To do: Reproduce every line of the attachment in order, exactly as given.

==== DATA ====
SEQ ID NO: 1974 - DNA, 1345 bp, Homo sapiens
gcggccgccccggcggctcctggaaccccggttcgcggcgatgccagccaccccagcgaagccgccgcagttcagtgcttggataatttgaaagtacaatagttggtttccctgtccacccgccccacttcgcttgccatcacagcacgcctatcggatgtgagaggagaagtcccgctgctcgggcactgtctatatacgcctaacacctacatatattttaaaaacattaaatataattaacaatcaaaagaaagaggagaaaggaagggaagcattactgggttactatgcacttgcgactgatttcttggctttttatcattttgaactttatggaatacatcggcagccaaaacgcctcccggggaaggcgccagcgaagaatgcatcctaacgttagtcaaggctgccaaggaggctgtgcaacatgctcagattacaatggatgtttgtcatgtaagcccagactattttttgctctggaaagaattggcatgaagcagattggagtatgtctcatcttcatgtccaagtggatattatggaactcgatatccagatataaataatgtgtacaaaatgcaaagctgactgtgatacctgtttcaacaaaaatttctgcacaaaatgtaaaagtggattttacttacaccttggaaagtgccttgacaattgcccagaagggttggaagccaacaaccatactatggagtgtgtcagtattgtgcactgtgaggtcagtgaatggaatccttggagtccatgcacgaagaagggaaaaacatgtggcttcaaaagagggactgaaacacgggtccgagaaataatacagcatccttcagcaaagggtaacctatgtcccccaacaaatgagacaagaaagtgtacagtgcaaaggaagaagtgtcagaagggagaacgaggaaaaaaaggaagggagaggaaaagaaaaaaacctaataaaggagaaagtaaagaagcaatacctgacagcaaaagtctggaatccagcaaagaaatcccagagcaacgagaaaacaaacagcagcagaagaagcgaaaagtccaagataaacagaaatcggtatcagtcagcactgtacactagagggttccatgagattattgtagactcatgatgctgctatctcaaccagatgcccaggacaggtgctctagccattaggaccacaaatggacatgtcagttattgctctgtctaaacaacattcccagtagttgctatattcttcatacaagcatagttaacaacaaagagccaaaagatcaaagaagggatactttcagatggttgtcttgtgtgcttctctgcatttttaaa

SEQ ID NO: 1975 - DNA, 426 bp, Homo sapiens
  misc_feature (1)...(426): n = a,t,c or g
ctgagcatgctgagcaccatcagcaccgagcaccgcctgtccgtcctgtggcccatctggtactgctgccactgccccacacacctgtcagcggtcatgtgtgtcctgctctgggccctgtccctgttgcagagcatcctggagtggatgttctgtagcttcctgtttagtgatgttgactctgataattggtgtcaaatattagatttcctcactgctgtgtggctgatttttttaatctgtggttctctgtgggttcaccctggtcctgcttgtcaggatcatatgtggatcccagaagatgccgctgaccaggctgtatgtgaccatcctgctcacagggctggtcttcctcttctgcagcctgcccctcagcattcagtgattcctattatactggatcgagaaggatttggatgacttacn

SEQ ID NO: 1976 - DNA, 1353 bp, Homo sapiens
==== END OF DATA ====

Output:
SEQ ID NO: 1974 - DNA, 1345 bp, Homo sapiens
gcggccgccccggcggctcctggaaccccggttcgcggcgatgccagccaccccagcgaagccgccgcagttcagtgcttggataatttgaaagtacaatagttggtttccctgtccacccgccccacttcgcttgccatcacagcacgcctatcggatgtgagaggagaagtcccgctgctcgggcactgtctatatacgcctaacacctacatatattttaaaaacattaaatataattaacaatcaaaagaaagaggagaaaggaagggaagcattactgggttactatgcacttgcgactgatttcttggctttttatcattttgaactttatggaatacatcggcagccaaaacgcctcccggggaaggcgccagcgaagaatgcatcctaacgttagtcaaggctgccaaggaggctgtgcaacatgctcagattacaatggatgtttgtcatgtaagcccagactattttttgctctggaaagaattggcatgaagcagattggagtatgtctcatcttcatgtccaagtggatattatggaactcgatatccagatataaataatgtgtacaaaatgcaaagctgactgtgatacctgtttcaacaaaaatttctgcacaaaatgtaaaagtggattttacttacaccttggaaagtgccttgacaattgcccagaagggttggaagccaacaaccatactatggagtgtgtcagtattgtgcactgtgaggtcagtgaatggaatccttggagtccatgcacgaagaagggaaaaacatgtggcttcaaaagagggactgaaacacgggtccgagaaataatacagcatccttcagcaaagggtaacctatgtcccccaacaaatgagacaagaaagtgtacagtgcaaaggaagaagtgtcagaagggagaacgaggaaaaaaaggaagggagaggaaaagaaaaaaacctaataaaggagaaagtaaagaagcaatacctgacagcaaaagtctggaatccagcaaagaaatcccagagcaacgagaaaacaaacagcagcagaagaagcgaaaagtccaagataaacagaaatcggtatcagtcagcactgtacactagagggttccatgagattattgtagactcatgatgctgctatctcaaccagatgcccaggacaggtgctctagccattaggaccacaaatggacatgtcagttattgctctgtctaaacaacattcccagtagttgctatattcttcatacaagcatagttaacaacaaagagccaaaagatcaaagaagggatactttcagatggttgtcttgtgtgcttctctgcatttttaaa

SEQ ID NO: 1975 - DNA, 426 bp, Homo sapiens
  misc_feature (1)...(426): n = a,t,c or g
ctgagcatgctgagcaccatcagcaccgagcaccgcctgtccgtcctgtggcccatctggtactgctgccactgccccacacacctgtcagcggtcatgtgtgtcctgctctgggccctgtccctgttgcagagcatcctggagtggatgttctgtagcttcctgtttagtgatgttgactctgataattggtgtcaaatattagatttcctcactgctgtgtggctgatttttttaatctgtggttctctgtgggttcaccctggtcctgcttgtcaggatcatatgtggatcccagaagatgccgctgaccaggctgtatgtgaccatcctgctcacagggctggtcttcctcttctgcagcctgcccctcagcattcagtgattcctattatactggatcgagaaggatttggatgacttacn

SEQ ID NO: 1976 - DNA, 1353 bp, Homo sapiens